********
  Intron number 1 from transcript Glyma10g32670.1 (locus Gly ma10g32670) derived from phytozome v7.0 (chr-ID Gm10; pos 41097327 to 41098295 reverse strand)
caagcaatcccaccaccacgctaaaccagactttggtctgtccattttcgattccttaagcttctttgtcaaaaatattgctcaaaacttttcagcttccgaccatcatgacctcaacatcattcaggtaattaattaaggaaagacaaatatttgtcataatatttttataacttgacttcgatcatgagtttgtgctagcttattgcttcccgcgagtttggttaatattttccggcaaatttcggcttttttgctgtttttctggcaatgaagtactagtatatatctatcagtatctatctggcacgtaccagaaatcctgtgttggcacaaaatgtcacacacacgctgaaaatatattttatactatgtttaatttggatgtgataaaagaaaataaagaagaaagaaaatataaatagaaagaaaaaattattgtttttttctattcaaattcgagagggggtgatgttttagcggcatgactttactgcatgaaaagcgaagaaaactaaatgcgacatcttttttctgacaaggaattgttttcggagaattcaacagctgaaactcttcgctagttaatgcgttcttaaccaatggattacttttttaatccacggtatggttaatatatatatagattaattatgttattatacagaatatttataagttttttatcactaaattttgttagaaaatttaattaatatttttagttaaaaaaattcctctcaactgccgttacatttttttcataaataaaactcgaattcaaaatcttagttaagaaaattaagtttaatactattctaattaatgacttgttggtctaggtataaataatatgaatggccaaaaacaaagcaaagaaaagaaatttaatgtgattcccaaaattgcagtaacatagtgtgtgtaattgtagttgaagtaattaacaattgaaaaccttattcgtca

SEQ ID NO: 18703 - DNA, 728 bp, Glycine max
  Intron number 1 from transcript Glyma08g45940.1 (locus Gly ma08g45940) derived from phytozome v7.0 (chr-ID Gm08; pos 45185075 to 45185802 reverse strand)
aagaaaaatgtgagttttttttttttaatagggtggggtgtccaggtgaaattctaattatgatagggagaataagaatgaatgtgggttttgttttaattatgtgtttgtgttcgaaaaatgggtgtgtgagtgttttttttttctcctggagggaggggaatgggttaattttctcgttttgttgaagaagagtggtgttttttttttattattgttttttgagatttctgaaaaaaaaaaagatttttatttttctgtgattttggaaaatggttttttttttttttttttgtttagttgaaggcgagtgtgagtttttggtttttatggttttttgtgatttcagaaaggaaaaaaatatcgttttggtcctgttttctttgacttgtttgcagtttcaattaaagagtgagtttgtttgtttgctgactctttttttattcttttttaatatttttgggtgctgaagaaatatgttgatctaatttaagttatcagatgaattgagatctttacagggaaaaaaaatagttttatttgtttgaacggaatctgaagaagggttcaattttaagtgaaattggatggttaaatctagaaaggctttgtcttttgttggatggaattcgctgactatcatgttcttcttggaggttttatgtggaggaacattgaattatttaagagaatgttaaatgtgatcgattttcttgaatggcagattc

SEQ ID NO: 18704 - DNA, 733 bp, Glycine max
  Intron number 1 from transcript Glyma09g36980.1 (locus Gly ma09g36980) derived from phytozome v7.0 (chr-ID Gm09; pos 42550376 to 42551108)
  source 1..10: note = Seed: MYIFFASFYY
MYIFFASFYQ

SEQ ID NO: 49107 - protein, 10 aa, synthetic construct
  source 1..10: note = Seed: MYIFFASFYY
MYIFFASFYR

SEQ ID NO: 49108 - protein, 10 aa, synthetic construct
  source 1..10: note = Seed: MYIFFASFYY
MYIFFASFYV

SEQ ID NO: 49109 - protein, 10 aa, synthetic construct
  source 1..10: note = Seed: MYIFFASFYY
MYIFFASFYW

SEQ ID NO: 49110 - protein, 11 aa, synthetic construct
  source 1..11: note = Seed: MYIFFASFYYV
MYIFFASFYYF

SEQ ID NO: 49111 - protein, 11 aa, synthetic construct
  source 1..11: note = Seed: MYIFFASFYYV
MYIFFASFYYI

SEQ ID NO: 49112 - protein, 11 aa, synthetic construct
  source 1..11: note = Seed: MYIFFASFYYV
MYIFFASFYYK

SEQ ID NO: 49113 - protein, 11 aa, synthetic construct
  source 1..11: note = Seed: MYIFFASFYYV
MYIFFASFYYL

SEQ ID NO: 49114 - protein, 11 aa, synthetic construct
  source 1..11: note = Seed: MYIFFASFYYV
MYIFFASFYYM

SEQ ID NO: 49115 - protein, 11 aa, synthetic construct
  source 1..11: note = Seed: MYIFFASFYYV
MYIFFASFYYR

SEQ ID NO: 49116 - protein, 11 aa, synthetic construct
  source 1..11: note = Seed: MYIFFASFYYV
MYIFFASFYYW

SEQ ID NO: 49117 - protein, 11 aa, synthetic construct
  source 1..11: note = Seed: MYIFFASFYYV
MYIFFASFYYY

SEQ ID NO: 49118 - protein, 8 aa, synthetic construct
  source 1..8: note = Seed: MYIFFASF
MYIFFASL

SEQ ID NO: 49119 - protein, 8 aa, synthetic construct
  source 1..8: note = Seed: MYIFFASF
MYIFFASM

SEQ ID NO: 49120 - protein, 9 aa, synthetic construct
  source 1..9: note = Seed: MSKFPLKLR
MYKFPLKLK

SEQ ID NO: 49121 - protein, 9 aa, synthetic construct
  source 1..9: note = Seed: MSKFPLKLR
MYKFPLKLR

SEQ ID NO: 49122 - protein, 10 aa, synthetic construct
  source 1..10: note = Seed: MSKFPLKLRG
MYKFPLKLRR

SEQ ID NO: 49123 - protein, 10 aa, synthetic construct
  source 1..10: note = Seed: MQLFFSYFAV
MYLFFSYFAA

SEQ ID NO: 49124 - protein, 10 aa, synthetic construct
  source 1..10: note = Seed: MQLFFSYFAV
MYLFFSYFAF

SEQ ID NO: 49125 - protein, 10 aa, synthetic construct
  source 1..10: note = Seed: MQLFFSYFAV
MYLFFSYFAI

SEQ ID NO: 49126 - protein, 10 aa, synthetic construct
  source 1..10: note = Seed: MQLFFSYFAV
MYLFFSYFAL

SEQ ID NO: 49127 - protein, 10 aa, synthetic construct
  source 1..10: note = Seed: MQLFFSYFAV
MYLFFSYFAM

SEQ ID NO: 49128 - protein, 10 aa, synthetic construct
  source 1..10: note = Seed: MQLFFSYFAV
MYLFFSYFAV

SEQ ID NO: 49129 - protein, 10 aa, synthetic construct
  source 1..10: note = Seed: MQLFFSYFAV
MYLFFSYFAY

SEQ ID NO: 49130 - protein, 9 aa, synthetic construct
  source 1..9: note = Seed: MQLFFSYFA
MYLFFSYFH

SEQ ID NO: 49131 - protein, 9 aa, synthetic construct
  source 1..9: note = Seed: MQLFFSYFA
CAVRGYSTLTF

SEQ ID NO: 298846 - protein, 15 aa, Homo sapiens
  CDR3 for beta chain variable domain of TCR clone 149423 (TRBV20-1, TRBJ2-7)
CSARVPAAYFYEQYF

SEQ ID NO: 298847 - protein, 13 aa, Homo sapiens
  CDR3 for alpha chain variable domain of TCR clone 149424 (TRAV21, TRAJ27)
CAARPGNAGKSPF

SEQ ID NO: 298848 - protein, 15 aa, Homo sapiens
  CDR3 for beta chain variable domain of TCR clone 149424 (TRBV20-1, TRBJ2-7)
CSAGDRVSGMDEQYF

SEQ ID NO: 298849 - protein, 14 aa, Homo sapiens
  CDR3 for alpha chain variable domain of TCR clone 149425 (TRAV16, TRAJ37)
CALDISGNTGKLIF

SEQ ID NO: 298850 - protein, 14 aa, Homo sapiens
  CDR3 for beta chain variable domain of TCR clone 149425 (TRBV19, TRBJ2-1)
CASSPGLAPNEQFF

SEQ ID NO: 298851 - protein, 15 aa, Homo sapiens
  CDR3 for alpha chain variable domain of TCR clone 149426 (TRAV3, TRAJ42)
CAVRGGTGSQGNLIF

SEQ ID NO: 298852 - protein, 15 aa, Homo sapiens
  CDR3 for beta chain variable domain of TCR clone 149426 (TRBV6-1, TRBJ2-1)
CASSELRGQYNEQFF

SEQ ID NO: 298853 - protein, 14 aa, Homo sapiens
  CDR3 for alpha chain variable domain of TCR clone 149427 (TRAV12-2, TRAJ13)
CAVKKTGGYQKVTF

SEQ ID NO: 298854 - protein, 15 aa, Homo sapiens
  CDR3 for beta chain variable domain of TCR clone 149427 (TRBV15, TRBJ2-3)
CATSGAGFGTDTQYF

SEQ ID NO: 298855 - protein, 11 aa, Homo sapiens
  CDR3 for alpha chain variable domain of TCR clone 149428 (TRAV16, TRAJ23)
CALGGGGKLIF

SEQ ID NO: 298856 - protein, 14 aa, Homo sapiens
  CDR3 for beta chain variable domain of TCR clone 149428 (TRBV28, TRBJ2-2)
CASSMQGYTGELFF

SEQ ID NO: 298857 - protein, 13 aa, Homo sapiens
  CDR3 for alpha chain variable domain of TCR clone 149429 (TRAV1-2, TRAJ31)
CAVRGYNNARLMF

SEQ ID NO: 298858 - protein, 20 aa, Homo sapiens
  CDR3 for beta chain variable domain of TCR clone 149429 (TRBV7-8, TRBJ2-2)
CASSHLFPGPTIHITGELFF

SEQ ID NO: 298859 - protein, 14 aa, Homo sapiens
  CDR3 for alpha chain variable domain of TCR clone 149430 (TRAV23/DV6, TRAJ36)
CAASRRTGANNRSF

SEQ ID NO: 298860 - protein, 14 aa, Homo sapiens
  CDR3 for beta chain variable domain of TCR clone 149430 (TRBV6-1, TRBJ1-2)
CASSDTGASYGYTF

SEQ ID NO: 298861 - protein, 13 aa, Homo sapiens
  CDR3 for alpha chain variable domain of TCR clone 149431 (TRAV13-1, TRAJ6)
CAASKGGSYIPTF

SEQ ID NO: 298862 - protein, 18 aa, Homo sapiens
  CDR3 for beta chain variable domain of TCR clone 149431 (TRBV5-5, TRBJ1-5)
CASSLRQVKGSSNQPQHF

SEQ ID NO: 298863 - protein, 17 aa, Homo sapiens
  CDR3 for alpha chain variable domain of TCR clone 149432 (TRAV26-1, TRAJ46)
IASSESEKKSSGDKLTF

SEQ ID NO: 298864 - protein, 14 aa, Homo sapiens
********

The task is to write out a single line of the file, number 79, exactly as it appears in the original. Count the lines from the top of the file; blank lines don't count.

SEQ ID NO: 49130 - protein, 9 aa, synthetic construct